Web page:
As far as an unsourced tree, some people don't really use the Member Tree but have it up their as cousin bait, so they upload the bare bones of their work (someone might steal it, oh my). Some just have no clue, or, they are searching for total fun and usually don't stick around longer than the free trial. That usually explains the source being completely Ancestry Trees, it's the low hanging fruit. I usually look to see how close the family relationship is before I even look at the vital info. If it is close, I will use those dates to do my own research. Sorry this comment became so long...

    1. Barbara,
      I was just frustrated yesterday. All I am saying is that there are some things Ancestry could put in place that would make things better. It makes me wonder though, now that there will be no more syncing with FTM at the end of this year what impact that will have. Ancestry has hinted that they might be interested in releasing their API (programming code) so that other companies could write the code to be able to sync but they haven't said anything concrete. If that is the case, this problem may get worse before it gets better. I know I would want to be able to directly sync to my DNA file I have up on Ancestry so that I don't have to delete and upload but I wonder if the syncing itself cause duplicates. Who knows.

      My DNA tree has actually be stripped of sources (surprised?) but I have a disclaimer that says,

      "This is a direct line (with siblings) tree for DNA purposes only. It has been stripped of everything except BMD information. Please contact me if you want the sources for any piece of information."

      I am wondering if I should create a source that I actually attach to each fact that says, "Contact tree owner for source information." I might do that in addition to what I have already done to make it more clear.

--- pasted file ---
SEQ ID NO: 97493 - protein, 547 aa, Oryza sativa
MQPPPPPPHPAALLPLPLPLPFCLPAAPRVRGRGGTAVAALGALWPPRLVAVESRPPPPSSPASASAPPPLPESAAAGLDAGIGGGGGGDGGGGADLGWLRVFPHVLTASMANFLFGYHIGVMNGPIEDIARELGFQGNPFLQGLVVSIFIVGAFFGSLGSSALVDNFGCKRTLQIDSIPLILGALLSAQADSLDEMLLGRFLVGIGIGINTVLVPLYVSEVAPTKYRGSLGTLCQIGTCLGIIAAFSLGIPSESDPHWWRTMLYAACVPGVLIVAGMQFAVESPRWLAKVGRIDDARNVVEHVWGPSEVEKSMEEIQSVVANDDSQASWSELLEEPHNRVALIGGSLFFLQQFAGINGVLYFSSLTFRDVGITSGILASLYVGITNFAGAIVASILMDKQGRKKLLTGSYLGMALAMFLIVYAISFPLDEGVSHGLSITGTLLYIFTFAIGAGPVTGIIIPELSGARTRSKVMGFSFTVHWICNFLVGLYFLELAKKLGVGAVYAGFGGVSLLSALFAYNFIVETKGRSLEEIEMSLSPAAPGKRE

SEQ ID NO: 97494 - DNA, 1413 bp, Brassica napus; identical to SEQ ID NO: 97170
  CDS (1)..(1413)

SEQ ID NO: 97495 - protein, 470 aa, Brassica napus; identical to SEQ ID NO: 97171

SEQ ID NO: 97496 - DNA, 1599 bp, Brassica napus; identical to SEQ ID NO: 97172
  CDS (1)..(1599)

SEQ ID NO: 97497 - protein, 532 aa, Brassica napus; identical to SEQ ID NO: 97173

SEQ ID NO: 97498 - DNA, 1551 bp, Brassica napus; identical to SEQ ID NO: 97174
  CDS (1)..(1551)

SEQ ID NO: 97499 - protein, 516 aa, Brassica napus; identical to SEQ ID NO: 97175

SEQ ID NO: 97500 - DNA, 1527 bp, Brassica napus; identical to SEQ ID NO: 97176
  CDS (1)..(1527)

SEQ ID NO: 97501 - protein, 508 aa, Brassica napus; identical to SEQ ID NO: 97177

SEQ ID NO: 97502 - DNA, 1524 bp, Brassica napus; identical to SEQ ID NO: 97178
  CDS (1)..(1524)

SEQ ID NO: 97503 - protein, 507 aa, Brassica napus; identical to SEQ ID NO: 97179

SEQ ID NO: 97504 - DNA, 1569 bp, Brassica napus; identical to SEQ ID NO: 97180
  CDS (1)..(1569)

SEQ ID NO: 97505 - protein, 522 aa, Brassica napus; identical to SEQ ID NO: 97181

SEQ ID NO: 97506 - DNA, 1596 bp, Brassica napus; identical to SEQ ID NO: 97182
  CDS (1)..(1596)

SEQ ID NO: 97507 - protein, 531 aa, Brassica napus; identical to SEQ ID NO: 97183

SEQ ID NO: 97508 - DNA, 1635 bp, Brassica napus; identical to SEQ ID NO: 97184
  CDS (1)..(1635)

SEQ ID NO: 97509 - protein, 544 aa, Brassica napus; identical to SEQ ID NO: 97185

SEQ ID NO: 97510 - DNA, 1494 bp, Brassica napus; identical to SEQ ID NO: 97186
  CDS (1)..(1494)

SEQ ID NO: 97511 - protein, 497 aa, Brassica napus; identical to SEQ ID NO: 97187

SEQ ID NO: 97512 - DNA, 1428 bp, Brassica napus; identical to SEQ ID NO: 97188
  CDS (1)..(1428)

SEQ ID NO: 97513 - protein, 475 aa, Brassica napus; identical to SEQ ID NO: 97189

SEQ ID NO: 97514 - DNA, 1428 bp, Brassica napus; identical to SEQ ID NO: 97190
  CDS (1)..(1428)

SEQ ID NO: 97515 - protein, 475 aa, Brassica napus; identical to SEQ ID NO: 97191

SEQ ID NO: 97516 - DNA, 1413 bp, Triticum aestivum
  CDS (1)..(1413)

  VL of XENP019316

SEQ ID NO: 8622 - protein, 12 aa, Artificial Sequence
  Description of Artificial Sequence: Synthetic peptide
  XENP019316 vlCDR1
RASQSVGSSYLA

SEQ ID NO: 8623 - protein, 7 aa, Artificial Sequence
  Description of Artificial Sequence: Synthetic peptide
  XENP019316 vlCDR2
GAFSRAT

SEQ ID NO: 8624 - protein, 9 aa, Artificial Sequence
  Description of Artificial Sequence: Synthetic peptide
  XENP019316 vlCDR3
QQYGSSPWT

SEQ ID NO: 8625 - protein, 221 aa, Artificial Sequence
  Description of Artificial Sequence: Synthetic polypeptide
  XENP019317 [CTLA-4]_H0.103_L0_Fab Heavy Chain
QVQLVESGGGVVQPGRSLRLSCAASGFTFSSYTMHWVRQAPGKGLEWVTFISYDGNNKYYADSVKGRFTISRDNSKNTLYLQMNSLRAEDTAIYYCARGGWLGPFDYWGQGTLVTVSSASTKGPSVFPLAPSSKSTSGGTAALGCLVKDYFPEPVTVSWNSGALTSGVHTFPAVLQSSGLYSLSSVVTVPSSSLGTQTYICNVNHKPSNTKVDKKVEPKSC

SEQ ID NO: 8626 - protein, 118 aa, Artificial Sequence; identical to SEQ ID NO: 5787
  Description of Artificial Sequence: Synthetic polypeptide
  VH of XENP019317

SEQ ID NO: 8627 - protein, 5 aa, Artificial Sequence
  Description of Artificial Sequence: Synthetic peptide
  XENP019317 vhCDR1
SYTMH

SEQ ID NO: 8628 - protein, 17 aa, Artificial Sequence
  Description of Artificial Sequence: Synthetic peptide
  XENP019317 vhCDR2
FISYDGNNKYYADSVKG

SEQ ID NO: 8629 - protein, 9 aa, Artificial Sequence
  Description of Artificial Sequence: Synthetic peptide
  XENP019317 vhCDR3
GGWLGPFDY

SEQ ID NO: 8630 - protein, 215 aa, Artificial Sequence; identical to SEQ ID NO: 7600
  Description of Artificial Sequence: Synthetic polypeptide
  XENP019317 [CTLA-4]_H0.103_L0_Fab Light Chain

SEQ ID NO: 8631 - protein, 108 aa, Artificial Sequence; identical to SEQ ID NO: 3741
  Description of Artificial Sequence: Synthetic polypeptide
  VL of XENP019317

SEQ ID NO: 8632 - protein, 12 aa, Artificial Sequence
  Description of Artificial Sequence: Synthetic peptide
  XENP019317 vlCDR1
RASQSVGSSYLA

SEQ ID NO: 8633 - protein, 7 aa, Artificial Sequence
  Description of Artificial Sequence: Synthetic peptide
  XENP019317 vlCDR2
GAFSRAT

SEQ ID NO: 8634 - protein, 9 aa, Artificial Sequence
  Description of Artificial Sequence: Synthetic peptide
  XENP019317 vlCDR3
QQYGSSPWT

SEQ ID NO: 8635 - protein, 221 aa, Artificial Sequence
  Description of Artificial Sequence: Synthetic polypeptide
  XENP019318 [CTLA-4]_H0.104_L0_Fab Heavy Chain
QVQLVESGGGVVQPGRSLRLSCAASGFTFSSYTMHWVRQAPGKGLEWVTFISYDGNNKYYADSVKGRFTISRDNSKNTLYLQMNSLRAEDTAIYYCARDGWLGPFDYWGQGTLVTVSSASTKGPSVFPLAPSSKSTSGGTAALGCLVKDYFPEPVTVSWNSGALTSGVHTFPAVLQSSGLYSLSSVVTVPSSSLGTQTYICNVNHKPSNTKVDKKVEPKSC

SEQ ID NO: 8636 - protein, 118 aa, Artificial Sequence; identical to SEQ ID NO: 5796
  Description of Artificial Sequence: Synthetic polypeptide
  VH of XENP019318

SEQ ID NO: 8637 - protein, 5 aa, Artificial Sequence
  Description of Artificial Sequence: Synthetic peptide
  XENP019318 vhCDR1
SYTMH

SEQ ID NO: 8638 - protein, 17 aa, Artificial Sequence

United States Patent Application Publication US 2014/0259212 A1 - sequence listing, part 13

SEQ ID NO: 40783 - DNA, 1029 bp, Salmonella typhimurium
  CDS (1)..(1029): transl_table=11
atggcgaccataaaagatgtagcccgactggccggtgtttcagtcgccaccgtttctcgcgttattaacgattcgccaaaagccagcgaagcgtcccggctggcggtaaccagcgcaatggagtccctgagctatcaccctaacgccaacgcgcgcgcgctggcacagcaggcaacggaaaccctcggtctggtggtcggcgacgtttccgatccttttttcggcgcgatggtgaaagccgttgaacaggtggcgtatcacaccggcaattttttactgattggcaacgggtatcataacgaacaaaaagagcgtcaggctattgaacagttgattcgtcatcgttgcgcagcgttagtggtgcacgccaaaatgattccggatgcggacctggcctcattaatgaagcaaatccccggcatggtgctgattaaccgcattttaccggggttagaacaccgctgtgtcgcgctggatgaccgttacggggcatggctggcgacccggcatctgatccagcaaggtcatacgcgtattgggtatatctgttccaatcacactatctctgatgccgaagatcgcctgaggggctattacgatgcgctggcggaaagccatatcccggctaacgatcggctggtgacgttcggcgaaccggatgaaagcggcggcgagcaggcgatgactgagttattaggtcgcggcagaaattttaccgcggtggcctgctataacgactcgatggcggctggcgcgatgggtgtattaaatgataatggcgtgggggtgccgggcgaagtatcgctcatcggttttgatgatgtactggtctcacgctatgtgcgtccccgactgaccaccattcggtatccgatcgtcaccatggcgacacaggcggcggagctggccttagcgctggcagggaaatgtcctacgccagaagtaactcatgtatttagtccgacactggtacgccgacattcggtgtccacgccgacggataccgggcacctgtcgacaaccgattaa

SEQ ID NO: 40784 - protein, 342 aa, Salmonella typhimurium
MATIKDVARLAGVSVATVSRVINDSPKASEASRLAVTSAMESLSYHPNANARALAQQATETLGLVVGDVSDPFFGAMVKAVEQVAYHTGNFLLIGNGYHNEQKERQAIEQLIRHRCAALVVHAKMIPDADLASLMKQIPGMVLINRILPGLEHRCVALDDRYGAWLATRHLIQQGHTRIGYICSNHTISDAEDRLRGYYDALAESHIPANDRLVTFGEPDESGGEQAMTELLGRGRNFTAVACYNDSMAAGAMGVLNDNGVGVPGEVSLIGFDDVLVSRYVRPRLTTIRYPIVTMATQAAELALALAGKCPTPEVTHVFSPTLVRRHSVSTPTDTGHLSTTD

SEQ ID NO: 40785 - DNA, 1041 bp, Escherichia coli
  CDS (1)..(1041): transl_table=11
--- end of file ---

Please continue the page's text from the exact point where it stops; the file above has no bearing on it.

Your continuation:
In the trees I looked at there was no such message letting people know that sources actually do exist and all you have to do is ask.

  6. The ones that add bare bones are usually the most professional. FYI, we cannot sync our DNA info to FTM. I was hoping to see that in the future, but I guess that won't happen either. I actually linked my entire, fully sourced, working tree, to my DNA. I think it would be easier to others to find a match. I have also been dabbling with "finishing" someone else's research when their DNA tree is just a stub. I have had great success with finding the MRCA that way. So far I am 4 for 4 and keep that in a working tree that is private called DNA Matches. It's a bit of work and I still need to draft a message to those tree owners.

    I posted a call for FTM users to either delete those unused duplicates or make them private, checking the box that will stop them from being found in other member's searches. Apparently, I was not part of the problem as I had checked that box. Whew!

  7. I can so relate to this. I try to remember that we started with WORLD FAMILY TREE with no sources and Ancestry has been built on that adding more unsourced material along the way, like International Family Marriages and more.
    Barbara has identified the other problem with FTM and the syncing issue. I currently have two trees, almost the same name on Ancestry. The one with all the media attached that won't sync with FTM and the one with no media attached that will sync. Oh well, this is the clean up, start over and find another program year.

  8. LLG70 is quite right about the marketing aspect. Every duplicated tree adds myriad "records" to Ancestry's marketing claims to having bazillion "records" on its site.

    I must say, however, that they have expanded research guides, tutorials and tools, albeit in a totally different silo from the trees sector. But links to this material are at the top of every page, under the "Extras" button, so not entirely invisible.